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- Pass-the-Hash attack : compromise whole corporate networks P2
- Pass-the-Hash attack : compromise whole corporate networks P3
“Microsoft confirms that 99% of cases reported to Microsoft consulting services for corporate networks being owned by a malware, is by using this technique.”
Pass-the-Hash = Single-Sign-On
Any system that supports Single-Sign On (SSO) is affected by the Pass-the-Hash attack.
SSO = somebody uses his credentials to log on to a system, and some form of that credentials or the actual credential allows him to go and access other resources without retyping his credentials. This benefit of not having to retype your credential every time you access network resources like the corporate SharePoint site, comes with a problem that if an attacker get access to your machine, he can use those stored credentials and access the network using your identity.
In other words, if you want SSO, pass-the-hash attack is something that cannot be fixed and you have to accept.
There are two types of pass-the-hash attack:
- Credential reuse: using the saved credentials on the system on which it was saved.
- Credential theft: taking the saved credential to another system and using it from there and allow attacker to spread over the network.
- John logs on his laptop by entering his username and password.
- John gets a user session on that laptop, and Windows verifier, in case of Windows, it is a one way hash (NT one way function), creates the hash for the password.
- Now John can access a file server, and when doing this, the file server will send challenge/response to John to prove his identity, and John proves that by using that one way function (password hash)
- Now, John gets a session on the file server.
- Step 1 : we have Fred. He logs on to his laptop and got a user session, so he has the one hash value of his password stored on the system. Now an attacker gets over his laptop, or Fred runs a malware, or Fred himself is malicious. Now the malware creates a user session using Fred’s one way hash password. Fred can now log off and has his session destroyed, but the malware has Fred’s one way function (his hash) in its own session and it can go around the network as Fred.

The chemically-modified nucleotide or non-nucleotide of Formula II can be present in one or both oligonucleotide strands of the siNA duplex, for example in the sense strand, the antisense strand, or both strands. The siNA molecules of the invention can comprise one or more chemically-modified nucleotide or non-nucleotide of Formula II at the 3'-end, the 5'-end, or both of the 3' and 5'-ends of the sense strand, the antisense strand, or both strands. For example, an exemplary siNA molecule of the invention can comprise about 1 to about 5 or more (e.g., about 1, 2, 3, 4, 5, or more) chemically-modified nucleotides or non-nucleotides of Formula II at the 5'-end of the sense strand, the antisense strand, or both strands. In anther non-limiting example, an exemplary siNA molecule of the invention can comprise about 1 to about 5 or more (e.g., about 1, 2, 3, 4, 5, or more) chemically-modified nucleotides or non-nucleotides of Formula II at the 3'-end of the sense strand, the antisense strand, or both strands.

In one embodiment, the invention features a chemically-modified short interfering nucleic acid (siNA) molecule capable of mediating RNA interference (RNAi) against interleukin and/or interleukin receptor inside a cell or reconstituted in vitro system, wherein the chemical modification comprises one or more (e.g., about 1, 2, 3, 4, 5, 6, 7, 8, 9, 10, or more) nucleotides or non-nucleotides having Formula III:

- Step 2 : now, the malware will perform some kind of port scan and discovery to identify targets. Sounds like Jo’s laptop is an interesting target, so let us try to authenticate to it using Fred’s credentials. Assuming that Fred can access Jos laptop, a user session is created for Fred on Jo’s laptop.
- Step 3: what is worse if Fred has administrative rights on Jo’s laptop. With such administrative rights, the malware can harvest (steal) Jo’s credentials. If Jo is a domain admin, then the malware has now domain admin rights. Now the malware can access for example a File Server using Jo credentials and now the whole network is compromised.
Password hashes for all local accounts are stored locally on all Windows computers, hashes for all domain accounts are stored on all domain controllers for a Windows domain, and hashes for currently-logged-in users whether local or domain are usually stored in memory in the computer the user is logged into (some exceptions apply